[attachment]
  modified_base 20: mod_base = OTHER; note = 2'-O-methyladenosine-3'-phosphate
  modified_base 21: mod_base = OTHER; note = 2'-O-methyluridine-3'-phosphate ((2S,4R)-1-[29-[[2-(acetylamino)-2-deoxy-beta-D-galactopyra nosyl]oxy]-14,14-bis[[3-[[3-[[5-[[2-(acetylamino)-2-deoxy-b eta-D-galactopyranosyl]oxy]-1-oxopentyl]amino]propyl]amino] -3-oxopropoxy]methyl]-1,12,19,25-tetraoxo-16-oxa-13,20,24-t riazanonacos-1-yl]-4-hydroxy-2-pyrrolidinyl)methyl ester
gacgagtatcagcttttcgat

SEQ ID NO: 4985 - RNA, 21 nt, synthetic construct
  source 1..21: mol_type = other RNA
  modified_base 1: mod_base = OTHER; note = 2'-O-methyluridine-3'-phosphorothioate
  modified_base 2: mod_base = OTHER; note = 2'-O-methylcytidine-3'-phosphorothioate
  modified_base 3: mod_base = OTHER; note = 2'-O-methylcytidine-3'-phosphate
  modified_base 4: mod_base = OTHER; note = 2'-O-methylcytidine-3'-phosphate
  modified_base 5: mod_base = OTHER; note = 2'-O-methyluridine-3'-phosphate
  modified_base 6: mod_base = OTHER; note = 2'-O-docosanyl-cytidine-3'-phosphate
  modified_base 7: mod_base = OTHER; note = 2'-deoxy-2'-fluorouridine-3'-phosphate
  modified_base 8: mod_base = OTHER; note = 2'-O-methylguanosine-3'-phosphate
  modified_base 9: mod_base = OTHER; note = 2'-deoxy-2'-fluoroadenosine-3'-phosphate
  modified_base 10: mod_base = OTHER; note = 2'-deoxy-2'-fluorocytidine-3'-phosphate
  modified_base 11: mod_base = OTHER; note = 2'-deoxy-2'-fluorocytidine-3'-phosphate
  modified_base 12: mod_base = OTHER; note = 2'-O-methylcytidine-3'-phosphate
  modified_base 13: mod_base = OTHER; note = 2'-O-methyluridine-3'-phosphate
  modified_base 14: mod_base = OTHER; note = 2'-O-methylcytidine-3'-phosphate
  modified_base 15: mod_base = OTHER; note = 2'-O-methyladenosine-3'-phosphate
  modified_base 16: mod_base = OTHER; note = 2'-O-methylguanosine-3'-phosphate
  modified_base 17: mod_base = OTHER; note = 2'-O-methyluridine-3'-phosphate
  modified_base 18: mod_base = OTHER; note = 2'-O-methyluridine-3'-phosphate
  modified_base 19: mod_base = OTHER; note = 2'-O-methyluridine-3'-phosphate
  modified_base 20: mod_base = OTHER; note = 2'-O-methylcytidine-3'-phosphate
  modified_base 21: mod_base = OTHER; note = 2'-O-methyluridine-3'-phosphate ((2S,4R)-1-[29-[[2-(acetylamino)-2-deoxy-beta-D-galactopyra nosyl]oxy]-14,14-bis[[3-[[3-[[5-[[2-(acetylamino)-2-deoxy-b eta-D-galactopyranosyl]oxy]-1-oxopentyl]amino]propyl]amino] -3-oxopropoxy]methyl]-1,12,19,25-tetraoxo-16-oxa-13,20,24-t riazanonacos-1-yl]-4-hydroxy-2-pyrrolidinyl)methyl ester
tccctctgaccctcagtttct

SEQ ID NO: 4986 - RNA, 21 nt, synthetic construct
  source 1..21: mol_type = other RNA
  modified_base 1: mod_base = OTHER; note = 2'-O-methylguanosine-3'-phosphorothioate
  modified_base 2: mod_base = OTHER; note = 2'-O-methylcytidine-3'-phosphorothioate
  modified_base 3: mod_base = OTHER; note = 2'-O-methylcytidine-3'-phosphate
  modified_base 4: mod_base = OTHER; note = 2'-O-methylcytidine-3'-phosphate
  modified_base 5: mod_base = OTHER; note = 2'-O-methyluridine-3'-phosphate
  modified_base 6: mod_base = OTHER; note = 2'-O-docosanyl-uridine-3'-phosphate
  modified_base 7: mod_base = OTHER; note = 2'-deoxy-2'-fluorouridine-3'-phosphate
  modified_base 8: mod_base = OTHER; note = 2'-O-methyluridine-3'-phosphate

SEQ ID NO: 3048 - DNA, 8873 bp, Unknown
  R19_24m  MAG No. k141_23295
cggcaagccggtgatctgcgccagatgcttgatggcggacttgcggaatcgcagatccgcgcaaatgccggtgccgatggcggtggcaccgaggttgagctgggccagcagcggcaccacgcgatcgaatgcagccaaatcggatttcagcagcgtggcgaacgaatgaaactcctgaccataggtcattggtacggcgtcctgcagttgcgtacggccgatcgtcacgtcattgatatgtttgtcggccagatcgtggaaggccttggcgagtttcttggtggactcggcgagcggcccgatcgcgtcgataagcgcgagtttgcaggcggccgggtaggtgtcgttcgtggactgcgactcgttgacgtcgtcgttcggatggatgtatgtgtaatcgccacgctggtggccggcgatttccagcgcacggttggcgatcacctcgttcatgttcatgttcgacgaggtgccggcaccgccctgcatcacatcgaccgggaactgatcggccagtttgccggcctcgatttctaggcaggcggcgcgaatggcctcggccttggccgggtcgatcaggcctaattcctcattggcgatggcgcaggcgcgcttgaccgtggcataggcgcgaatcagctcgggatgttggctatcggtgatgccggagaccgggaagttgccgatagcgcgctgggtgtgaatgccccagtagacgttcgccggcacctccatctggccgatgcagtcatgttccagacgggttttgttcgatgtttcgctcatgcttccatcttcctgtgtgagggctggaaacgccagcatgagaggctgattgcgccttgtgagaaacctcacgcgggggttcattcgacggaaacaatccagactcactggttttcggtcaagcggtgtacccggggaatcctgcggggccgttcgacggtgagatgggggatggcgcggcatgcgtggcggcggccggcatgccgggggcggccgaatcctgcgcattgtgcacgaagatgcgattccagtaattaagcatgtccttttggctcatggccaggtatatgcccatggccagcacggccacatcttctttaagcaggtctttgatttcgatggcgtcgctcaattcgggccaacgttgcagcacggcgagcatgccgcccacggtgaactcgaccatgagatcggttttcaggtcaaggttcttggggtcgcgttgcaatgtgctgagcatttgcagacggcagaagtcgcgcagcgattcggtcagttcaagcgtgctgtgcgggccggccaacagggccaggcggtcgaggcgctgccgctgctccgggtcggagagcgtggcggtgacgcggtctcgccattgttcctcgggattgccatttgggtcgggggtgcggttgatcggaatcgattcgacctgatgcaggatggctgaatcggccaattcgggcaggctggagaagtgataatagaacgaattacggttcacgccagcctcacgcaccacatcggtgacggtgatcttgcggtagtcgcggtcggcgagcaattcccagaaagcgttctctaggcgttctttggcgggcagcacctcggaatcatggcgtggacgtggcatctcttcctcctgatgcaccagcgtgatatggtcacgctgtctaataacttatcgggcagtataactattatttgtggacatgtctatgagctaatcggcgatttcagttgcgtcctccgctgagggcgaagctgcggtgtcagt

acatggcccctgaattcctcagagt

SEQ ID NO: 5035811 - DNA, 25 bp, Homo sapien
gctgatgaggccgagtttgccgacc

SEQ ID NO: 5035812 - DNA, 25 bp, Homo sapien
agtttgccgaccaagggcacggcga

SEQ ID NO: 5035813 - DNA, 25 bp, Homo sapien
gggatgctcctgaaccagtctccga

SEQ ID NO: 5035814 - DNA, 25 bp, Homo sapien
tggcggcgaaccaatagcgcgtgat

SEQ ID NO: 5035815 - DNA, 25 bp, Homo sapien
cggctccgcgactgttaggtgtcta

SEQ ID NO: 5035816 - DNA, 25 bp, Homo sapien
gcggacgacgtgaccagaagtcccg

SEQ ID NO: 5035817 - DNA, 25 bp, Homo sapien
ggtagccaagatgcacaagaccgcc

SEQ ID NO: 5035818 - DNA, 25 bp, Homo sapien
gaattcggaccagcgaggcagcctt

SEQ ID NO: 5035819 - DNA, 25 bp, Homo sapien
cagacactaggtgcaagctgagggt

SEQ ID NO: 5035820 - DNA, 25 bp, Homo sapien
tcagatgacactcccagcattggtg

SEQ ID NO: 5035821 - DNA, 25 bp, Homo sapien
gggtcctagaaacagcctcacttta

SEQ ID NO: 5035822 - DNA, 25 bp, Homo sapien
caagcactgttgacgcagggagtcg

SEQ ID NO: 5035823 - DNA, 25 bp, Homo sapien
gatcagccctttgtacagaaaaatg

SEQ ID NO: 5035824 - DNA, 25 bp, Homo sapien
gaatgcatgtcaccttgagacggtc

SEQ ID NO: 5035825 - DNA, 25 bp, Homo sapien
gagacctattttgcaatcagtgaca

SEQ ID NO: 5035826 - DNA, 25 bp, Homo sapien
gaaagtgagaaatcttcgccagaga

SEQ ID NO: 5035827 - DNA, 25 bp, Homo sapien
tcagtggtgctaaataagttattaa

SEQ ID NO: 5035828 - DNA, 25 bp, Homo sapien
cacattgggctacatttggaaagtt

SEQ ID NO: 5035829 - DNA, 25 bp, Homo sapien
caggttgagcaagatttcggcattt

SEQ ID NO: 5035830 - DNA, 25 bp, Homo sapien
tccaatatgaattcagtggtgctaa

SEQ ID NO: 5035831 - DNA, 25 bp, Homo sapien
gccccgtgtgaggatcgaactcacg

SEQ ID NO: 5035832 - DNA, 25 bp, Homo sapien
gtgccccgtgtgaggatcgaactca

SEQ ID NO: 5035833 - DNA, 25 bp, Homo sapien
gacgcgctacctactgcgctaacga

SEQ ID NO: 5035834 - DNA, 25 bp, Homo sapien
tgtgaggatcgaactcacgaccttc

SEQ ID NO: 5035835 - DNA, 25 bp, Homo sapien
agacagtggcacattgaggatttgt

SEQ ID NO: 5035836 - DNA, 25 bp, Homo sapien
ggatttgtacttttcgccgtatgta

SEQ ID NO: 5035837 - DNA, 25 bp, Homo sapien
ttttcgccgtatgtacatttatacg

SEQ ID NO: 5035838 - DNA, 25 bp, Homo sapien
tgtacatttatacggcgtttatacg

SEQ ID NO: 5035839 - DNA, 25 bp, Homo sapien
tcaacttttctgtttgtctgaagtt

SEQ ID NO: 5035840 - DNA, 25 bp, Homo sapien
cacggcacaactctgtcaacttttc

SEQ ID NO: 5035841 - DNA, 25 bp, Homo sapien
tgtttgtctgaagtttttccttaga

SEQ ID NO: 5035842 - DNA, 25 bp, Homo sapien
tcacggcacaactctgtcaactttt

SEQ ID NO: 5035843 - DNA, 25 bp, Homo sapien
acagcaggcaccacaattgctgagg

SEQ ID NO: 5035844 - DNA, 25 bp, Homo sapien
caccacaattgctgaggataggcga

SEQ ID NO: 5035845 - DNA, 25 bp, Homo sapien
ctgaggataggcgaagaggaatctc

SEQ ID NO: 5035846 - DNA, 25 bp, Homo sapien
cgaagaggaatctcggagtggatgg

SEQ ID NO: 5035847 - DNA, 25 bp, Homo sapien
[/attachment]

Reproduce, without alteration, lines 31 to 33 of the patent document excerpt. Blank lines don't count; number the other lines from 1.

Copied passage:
  modified_base 2: mod_base = OTHER; note = 2'-O-methylcytidine-3'-phosphorothioate
  modified_base 3: mod_base = OTHER; note = 2'-O-methylcytidine-3'-phosphate
  modified_base 4: mod_base = OTHER; note = 2'-O-methylcytidine-3'-phosphate